Will you please address the problem with refined foods, including “health foods”?
Commercial enterprises have moved far beyond the healthful offerings of cornflakes and breakfast cereals into a bewildering array of modified foods touted as health foods. Today there is very little that has not been manipulated, modified, augmented, or in some other way adulterated before it is offered for us to eat. There are a few very important principles we should understand.
We generally recommend “whole” foods. By this we mean food in its natural, unadulterated state. One can take this recommendation to the extreme and promote only raw foods. Such a diet results in an insufficient calorie intake, with resultant weight loss and intestinal discomfort. The quantity of raw food that needs to be consumed to provide nutrients for a balanced diet is beyond most people’s intestinal capacity. The cooking of grains, legumes, and many vegetables enhances their digestibility, and the blending in of other ingredients and herbs can enormously increase their palatability.
Additives and Flavorings
Most commercially prepared foods are overly seasoned with salt, so the average individual has difficulty maintaining the recommended salt intake if eating such foods in any quantity.
An additional problem is the excessive sweetening of prepared foods. High-fructose corn syrup has been the target of much criticism, but we need to remember that common table sugar is half fructose; in fact, honey, sugar, and maple syrup all contain fructose. Fructose in excess is poorly handled by the liver and, consequently, is converted into fat, making for a “fatty” liver. Many of us are overweight and have more fat than is healthful in our livers. An eventual result can be cirrhosis of the liver.
A third problem is the high fat content of refined foods. Saturated fats and their synthetic counterparts, the trans fats, are harmful. Fat does make for more palatable food, and a little vegetable fat probably is of minor concern and may help provide fat-soluble vitamins. The difficulty is that many products carry excessive amounts of fat to help with palatability. Simply check the fat content of the vegetarian sausages and other processed foods you may like in order to grasp this point.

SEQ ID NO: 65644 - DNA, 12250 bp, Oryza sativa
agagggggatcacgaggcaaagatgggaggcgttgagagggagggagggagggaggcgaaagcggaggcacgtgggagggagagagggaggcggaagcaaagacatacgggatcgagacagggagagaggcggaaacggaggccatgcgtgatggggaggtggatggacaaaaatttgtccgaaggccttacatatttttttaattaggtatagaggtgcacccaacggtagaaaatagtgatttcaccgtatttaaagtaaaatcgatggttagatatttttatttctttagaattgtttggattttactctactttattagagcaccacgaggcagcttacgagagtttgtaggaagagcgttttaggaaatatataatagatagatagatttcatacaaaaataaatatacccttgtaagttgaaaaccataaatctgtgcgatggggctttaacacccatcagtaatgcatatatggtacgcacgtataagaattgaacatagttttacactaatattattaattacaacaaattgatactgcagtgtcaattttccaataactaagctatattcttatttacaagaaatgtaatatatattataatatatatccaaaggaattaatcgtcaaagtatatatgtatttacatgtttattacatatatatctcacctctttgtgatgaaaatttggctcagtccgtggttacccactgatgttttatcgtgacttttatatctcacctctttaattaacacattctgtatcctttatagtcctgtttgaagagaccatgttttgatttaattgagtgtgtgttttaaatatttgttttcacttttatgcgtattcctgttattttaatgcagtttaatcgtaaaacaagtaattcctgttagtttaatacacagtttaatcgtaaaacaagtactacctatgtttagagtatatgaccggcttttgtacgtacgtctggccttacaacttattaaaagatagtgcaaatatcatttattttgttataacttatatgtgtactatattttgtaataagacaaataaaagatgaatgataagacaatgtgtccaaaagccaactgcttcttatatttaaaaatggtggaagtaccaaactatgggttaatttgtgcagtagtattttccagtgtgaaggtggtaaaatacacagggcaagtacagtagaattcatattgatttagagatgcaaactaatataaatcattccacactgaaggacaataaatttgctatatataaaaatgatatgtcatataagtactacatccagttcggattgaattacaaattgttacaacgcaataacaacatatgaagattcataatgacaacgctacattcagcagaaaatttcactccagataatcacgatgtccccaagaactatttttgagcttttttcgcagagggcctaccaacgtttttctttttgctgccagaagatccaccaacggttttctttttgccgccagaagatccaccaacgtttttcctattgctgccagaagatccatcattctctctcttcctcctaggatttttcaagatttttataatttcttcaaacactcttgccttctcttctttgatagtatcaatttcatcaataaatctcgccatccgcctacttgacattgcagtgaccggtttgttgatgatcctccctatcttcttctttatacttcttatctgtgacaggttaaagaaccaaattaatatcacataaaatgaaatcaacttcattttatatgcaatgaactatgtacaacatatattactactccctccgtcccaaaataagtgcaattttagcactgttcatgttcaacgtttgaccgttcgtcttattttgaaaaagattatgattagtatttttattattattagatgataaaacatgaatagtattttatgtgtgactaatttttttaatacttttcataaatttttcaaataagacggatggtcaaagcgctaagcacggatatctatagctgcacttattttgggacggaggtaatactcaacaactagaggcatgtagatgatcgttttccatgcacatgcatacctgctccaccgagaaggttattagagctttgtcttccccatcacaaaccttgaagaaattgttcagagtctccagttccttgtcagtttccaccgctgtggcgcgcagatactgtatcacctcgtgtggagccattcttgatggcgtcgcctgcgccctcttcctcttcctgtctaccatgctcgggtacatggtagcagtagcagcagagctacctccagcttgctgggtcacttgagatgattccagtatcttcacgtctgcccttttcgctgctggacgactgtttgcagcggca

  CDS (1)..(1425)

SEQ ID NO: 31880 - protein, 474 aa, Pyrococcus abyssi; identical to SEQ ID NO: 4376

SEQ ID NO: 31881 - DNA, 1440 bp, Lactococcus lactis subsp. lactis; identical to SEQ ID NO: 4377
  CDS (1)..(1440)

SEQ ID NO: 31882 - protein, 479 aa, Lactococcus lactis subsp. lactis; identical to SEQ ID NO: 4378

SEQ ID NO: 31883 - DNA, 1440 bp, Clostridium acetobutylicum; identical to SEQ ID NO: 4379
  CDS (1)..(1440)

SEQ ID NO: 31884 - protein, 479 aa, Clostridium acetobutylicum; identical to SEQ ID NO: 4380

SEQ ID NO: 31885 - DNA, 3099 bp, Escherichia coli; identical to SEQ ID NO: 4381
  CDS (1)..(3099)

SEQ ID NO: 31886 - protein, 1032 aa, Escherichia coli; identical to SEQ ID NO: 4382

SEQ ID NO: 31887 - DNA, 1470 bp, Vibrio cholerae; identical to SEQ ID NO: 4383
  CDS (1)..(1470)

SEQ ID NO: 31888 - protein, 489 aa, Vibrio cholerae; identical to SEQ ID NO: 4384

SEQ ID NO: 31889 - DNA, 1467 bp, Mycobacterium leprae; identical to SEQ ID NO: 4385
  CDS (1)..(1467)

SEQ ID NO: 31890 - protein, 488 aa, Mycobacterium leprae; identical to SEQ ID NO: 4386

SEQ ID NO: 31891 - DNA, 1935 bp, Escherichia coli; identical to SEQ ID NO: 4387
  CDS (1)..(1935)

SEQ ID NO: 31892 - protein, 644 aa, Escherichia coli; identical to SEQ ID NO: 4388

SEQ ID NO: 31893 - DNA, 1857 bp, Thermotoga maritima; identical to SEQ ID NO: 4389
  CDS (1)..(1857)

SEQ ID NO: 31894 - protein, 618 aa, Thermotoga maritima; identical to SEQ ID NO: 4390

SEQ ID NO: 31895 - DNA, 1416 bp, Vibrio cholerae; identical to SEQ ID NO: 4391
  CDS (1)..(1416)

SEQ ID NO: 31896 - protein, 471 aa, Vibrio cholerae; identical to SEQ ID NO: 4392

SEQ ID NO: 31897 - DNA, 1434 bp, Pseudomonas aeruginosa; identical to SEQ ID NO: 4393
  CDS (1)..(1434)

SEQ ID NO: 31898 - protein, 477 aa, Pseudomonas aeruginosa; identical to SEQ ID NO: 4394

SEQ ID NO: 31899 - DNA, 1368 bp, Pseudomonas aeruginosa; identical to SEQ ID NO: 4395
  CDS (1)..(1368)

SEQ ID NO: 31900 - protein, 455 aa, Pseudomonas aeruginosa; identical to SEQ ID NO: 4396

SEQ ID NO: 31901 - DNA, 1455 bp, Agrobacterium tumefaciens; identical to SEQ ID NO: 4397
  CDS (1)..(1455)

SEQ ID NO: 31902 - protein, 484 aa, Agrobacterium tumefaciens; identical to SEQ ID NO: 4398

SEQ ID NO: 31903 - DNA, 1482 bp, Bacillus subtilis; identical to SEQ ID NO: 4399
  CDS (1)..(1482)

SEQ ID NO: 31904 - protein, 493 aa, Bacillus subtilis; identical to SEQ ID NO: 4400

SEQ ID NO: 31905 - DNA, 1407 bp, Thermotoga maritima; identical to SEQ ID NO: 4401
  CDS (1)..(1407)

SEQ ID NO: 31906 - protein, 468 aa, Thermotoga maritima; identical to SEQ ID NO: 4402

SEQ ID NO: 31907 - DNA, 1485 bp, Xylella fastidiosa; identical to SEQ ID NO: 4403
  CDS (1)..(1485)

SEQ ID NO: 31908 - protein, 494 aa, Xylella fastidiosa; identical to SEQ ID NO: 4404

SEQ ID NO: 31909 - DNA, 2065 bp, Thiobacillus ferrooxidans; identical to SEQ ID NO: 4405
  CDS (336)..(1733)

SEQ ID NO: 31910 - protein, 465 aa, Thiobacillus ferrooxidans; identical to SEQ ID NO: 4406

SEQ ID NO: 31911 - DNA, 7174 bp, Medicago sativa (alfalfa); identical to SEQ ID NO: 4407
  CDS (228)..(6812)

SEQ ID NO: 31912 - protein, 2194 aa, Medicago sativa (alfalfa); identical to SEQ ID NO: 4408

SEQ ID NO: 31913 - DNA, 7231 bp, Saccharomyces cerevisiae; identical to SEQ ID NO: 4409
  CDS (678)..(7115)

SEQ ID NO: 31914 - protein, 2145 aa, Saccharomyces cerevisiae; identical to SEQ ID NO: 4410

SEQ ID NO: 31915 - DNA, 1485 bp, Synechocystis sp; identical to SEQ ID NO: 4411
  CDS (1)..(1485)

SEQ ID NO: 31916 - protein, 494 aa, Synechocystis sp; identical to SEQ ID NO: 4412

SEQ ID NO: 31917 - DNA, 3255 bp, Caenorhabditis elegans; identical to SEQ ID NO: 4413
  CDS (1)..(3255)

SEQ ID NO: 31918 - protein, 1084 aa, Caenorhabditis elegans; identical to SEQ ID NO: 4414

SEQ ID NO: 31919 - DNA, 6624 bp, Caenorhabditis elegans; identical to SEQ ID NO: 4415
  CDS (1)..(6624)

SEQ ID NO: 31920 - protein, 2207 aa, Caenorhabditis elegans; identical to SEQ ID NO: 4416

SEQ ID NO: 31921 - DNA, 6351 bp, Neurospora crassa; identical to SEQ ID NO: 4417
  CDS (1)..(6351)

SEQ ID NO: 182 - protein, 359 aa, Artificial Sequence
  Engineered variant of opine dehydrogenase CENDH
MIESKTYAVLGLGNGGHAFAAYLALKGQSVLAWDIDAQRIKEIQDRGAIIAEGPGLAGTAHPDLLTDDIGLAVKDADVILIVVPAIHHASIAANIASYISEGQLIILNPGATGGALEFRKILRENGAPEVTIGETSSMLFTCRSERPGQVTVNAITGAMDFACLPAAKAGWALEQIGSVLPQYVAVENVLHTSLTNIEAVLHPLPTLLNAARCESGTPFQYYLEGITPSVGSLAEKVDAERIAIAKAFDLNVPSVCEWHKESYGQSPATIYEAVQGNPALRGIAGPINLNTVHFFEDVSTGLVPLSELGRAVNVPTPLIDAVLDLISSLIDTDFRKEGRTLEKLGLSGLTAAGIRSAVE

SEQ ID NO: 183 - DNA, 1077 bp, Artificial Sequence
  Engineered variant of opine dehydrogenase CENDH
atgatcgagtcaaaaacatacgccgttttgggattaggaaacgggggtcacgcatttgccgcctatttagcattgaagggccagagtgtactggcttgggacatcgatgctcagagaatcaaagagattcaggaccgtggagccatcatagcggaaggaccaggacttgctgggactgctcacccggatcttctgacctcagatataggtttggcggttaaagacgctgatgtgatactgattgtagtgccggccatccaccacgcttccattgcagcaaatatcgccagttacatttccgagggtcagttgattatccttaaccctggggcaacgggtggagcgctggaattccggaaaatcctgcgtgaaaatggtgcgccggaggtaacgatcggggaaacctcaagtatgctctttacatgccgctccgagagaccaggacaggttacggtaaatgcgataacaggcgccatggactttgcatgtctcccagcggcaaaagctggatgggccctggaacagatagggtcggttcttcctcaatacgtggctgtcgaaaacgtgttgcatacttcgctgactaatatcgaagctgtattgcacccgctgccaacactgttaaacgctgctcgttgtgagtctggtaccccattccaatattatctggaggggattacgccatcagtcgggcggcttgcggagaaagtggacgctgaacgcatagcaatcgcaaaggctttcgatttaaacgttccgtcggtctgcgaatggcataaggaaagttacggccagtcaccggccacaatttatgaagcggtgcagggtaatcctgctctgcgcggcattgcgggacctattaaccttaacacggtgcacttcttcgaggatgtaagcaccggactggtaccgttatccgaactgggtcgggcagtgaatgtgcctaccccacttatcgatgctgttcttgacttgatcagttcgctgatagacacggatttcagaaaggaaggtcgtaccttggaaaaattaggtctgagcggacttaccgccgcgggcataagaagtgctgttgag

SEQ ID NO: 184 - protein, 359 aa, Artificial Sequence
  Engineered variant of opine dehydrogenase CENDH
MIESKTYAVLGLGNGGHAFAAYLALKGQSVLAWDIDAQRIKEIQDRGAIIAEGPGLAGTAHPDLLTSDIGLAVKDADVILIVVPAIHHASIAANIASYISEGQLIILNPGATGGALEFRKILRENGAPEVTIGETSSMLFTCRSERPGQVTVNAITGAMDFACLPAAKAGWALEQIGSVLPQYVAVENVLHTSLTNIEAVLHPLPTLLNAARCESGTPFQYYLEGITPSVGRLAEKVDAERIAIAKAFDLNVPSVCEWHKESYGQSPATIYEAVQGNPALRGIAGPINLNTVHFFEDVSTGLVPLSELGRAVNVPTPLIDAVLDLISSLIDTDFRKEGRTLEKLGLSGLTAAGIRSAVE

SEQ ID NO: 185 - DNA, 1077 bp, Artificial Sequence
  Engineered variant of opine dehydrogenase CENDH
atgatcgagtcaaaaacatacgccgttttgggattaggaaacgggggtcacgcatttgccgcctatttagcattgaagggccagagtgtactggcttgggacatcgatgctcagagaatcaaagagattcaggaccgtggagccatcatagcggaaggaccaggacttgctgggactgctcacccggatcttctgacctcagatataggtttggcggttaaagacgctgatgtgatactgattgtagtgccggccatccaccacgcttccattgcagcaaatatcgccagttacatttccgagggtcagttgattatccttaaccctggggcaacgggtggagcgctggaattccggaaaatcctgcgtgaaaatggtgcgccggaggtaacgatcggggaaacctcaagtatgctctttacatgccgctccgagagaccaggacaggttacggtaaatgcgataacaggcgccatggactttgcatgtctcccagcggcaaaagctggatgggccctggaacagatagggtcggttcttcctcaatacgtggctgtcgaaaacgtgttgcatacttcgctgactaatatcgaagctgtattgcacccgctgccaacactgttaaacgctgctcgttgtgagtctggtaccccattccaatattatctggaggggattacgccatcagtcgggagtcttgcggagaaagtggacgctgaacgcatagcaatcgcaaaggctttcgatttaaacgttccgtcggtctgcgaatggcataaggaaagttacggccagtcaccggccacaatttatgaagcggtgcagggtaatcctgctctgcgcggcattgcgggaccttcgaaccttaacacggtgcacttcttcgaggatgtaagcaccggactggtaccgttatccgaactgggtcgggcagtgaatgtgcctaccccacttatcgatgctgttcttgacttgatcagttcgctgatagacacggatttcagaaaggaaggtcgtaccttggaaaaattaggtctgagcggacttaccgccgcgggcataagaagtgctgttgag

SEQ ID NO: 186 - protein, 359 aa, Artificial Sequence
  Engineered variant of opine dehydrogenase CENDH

Refining foods by extracting the wheat germ to produce white flour or by extracting gluten or texturized proteins from wheat or soybeans alters the natural balance of the foods. Extracting oils from nuts, vegetables, and even olives means we obtain very concentrated amounts of the extract. In small quantities this may not be harmful, but generally we tend to overconsume the concentrate or the depleted residue. The refining process sometimes removes vitamins from the food, and then manufacturers add back some of what they have removed and call the product “enriched.” The “depleted” part has been enriched, but the “whole” grain does not need enriching.
It is also wise to consider “food supplements” and vitamins. Some supplements may be necessary to compensate for our abnormal lifestyles, but studies have implicated excess vitamins with increased rates of cancer, examples being lutein and vitamin E. Some extra vitamin D for those of us who spend our days cooped up and out of the sunlight for years on end is a good idea, but the dosage should only be enough to restore normal blood levels.
Fresh vegetables, lots of fruit, whole grains, legumes, and nuts, along with a little dairy or dairy equivalent, should form the basis of a healthful diet. Excessive texturized protein, processed foods, and “created” complexes need to be viewed with caution. If you do choose to eat them, do so in moderation.
Send your questions to Ask the Doctors, Adventist Review, 12501 Old Columbia Pike, Silver Spring, Maryland 20904. Or e-mail them to [email protected]. While this column is provided as a service to our readers, Drs. Landless and Handysides unfortunately cannot enter into personal and private communication with our readers. We recommend you consult with your personal physician on all matters of your health.
Allan R. Handysides, a board-certified gynecologist, is the director of the Health Ministries department of the General Conference. Peter N. Landless, a board-certified nuclear cardiologist, is an associate director of the Health Ministries department of the General Conference. This article was published March 22, 2012.